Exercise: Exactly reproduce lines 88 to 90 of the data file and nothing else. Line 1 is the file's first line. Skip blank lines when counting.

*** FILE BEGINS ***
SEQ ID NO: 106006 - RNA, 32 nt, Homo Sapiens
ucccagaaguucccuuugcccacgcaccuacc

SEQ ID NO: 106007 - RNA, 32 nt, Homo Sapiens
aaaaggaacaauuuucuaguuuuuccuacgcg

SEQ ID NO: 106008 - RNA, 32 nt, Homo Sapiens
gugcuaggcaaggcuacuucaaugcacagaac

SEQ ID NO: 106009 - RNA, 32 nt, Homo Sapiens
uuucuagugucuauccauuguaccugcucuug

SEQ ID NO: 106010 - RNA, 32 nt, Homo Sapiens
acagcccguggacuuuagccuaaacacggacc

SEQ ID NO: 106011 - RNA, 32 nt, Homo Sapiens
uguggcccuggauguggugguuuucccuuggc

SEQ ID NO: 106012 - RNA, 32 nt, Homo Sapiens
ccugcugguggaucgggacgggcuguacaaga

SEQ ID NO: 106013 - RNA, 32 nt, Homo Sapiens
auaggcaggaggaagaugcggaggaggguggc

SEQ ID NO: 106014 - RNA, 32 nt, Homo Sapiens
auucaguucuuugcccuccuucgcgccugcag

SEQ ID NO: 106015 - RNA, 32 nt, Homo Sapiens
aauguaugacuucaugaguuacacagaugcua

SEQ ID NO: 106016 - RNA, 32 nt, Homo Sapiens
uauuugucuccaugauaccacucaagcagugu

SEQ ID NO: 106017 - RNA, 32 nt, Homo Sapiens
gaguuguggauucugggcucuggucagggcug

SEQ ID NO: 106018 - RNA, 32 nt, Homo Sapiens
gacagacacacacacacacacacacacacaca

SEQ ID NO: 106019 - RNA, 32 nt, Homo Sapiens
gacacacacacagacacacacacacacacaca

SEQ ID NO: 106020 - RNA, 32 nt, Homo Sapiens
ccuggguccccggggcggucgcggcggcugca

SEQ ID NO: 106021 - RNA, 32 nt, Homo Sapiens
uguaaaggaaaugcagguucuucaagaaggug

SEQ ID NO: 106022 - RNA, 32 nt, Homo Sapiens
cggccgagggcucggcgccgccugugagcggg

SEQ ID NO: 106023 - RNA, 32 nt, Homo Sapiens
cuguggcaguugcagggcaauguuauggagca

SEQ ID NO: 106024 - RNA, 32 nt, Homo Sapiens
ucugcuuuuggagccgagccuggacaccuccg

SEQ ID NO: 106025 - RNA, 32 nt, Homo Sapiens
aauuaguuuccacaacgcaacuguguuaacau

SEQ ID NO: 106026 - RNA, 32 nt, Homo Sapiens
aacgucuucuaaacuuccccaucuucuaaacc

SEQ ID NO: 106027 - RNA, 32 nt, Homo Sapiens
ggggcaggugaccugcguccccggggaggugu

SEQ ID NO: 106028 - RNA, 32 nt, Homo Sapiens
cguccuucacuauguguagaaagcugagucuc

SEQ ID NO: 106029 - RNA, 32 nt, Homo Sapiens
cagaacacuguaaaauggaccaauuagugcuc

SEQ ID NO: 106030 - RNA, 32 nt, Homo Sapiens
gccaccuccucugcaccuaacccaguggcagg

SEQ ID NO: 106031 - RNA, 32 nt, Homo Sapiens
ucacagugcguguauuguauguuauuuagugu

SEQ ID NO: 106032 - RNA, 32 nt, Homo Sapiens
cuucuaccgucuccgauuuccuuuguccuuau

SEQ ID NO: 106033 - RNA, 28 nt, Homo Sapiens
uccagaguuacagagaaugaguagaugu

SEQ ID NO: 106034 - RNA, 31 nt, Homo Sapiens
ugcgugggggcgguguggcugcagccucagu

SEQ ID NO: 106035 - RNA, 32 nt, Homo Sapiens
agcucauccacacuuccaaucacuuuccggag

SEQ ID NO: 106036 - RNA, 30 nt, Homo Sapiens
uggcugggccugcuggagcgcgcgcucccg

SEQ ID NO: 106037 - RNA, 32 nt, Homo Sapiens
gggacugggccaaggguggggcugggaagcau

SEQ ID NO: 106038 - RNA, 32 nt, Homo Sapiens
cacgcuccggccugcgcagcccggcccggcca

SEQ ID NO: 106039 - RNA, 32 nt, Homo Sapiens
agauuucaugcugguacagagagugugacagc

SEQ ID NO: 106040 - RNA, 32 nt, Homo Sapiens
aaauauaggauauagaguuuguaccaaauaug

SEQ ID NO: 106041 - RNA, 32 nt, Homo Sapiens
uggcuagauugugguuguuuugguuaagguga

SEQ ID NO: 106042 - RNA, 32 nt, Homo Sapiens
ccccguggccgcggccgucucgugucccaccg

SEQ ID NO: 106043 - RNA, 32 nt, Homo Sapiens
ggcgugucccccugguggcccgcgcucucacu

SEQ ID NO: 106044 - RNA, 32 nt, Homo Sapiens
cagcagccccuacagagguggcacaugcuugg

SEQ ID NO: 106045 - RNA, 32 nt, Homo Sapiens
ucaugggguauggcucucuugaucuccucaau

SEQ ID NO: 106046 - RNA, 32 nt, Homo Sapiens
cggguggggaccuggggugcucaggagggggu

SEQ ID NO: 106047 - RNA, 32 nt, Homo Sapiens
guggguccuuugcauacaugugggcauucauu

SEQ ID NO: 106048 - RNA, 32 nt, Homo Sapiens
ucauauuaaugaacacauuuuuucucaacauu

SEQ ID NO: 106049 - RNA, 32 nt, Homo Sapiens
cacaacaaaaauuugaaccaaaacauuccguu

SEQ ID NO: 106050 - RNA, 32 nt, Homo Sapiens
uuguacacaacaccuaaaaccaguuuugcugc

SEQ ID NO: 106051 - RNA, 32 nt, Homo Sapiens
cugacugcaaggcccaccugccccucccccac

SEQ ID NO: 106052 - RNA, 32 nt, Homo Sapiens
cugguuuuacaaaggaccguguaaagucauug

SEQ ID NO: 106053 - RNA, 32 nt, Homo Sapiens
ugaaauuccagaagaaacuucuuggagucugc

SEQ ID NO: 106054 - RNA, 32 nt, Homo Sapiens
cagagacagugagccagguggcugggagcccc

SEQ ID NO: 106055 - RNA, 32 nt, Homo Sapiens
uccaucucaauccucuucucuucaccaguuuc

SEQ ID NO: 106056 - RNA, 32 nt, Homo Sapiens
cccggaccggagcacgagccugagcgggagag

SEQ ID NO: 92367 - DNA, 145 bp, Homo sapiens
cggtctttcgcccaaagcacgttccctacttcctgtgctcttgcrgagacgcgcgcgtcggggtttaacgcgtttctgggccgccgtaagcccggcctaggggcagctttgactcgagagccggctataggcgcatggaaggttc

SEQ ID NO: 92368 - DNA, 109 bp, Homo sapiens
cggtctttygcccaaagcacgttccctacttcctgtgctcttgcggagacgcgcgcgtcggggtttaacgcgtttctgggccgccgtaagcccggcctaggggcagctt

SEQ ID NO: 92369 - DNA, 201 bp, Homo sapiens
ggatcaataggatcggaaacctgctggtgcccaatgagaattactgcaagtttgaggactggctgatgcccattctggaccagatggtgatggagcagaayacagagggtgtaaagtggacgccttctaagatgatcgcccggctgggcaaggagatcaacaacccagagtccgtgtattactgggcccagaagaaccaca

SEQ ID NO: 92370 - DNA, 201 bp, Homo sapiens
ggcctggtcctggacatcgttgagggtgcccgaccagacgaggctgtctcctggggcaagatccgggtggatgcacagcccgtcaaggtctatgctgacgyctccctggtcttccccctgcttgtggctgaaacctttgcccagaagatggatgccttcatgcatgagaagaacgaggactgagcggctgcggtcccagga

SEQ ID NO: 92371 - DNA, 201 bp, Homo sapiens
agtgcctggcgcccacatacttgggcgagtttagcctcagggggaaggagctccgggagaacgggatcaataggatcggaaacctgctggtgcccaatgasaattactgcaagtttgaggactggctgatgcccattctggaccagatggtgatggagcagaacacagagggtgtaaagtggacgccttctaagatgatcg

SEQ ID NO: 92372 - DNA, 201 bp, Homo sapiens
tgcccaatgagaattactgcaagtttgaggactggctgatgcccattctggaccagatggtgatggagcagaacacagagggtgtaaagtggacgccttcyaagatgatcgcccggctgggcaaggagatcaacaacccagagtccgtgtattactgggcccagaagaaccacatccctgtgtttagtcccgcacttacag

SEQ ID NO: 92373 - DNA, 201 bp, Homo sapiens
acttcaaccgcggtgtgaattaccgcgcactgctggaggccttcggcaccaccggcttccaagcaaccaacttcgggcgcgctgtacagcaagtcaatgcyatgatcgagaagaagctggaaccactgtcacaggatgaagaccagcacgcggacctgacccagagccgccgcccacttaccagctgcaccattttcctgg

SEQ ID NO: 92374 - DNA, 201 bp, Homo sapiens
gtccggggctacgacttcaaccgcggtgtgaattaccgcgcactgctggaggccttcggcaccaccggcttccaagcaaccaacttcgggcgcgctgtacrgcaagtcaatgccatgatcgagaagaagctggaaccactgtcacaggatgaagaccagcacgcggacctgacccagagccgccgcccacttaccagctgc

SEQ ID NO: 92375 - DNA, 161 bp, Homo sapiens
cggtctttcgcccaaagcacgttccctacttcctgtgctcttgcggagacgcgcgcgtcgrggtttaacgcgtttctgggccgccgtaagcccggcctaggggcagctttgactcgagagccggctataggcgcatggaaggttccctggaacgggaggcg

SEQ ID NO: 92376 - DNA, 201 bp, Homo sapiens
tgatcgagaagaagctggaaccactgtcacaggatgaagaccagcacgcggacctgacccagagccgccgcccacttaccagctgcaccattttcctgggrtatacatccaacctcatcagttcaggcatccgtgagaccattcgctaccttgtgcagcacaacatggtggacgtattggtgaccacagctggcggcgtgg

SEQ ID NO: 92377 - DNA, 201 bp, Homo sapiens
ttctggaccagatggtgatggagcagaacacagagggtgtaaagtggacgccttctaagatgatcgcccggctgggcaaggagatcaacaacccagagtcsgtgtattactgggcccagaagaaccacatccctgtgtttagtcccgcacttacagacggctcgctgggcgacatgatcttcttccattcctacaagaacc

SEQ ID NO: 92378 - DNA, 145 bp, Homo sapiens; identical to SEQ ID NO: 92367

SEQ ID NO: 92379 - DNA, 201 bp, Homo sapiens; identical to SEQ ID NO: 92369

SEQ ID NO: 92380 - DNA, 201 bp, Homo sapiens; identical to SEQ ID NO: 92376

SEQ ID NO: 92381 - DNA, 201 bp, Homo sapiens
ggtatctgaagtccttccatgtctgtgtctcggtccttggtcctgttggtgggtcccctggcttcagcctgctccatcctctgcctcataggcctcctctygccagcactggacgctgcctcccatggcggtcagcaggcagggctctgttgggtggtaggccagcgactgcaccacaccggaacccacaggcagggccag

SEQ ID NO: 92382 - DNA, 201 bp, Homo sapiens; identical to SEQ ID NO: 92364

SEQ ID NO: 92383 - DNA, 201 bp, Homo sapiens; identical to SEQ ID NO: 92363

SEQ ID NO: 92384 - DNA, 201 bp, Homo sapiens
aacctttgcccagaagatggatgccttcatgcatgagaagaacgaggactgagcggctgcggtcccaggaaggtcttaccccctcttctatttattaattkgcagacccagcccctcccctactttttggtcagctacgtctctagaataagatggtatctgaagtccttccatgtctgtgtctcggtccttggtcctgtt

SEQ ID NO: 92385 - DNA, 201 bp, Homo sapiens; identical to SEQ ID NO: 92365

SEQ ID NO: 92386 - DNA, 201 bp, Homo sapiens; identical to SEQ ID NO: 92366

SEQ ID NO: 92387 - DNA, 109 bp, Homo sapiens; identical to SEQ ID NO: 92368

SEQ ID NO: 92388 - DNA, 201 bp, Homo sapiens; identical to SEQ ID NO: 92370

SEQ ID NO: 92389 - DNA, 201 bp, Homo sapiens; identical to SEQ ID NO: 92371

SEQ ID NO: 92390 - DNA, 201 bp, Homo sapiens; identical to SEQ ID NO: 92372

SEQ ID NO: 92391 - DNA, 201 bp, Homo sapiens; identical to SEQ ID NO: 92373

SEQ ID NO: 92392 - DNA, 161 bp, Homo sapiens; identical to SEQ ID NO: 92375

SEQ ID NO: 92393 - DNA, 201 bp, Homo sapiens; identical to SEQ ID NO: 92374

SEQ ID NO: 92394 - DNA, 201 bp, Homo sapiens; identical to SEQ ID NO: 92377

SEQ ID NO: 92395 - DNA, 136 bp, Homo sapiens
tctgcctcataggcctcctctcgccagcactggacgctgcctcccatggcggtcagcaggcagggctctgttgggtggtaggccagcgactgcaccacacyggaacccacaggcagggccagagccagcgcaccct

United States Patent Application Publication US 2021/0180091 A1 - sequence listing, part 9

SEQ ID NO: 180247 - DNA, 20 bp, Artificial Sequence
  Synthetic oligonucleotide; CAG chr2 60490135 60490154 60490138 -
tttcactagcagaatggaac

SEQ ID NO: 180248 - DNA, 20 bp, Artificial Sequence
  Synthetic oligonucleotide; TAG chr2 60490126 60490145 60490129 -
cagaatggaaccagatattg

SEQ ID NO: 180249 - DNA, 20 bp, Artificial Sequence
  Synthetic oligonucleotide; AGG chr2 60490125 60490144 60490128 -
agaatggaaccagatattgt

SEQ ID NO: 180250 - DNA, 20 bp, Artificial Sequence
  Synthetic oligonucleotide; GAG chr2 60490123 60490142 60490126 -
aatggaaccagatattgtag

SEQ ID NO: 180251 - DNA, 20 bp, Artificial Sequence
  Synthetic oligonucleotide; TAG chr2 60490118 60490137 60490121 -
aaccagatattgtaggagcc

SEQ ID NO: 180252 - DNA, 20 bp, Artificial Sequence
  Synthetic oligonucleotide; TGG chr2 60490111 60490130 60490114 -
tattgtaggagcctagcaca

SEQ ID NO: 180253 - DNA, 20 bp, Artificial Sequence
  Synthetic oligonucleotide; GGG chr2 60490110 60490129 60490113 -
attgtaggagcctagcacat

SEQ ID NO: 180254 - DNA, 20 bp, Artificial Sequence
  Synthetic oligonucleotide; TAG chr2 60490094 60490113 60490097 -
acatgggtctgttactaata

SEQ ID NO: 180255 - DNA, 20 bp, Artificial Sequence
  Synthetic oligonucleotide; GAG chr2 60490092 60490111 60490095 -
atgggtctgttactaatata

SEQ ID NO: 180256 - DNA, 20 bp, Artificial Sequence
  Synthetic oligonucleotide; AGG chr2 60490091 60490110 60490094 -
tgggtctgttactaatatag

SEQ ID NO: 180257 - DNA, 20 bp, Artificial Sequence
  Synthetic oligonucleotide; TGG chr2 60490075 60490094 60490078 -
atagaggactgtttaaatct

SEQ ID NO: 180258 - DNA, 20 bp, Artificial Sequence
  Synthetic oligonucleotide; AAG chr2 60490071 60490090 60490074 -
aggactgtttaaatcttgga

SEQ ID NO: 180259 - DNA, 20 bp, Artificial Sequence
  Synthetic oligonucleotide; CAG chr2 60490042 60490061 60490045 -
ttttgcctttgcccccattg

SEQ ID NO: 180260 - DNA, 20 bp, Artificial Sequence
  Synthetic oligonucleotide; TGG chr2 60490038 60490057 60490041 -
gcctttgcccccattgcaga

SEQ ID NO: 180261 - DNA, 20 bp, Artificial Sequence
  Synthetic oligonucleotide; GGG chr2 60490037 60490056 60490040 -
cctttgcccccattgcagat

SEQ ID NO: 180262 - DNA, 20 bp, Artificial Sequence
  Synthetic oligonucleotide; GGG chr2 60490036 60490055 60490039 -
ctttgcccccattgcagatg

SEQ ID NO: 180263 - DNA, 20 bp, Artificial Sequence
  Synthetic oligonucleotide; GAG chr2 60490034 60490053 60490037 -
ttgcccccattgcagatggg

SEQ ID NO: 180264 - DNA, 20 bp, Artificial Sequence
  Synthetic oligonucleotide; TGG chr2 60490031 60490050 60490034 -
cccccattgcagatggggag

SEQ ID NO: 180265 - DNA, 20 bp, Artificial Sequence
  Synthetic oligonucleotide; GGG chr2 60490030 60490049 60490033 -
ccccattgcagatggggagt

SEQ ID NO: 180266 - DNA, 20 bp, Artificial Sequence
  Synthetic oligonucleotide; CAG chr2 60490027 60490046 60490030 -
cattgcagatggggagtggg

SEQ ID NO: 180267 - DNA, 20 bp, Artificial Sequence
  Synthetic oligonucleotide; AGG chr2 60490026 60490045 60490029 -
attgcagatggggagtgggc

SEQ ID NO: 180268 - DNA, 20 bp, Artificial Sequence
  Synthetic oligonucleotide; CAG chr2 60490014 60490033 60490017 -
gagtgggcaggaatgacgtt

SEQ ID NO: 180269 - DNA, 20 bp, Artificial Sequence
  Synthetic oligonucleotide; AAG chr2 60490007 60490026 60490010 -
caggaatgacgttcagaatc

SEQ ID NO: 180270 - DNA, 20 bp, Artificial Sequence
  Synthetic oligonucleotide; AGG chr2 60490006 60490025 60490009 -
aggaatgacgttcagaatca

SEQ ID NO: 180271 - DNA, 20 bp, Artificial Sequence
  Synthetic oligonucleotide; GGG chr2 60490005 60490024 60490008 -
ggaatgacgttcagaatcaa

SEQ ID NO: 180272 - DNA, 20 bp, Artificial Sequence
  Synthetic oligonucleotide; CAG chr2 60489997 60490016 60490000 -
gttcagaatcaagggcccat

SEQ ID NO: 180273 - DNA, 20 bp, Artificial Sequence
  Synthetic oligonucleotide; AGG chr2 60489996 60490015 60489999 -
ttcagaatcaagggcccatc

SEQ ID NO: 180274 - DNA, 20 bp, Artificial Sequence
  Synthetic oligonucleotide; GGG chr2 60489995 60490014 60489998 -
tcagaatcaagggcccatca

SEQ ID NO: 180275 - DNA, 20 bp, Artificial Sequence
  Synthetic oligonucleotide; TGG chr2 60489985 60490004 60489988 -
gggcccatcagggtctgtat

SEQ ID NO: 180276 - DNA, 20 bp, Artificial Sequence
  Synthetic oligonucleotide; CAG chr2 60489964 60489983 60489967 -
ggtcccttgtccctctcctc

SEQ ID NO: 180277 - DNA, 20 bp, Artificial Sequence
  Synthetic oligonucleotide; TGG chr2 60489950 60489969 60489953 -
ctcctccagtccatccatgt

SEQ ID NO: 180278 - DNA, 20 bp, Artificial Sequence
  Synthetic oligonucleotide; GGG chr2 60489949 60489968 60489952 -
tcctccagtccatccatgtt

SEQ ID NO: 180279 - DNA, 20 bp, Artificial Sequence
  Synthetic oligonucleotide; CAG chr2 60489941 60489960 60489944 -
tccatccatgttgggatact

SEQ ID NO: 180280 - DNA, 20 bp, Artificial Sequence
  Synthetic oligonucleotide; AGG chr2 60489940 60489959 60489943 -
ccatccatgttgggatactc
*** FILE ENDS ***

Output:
cacaacaaaaauuugaaccaaaacauuccguu

SEQ ID NO: 106050 - RNA, 32 nt, Homo Sapiens
uuguacacaacaccuaaaaccaguuuugcugc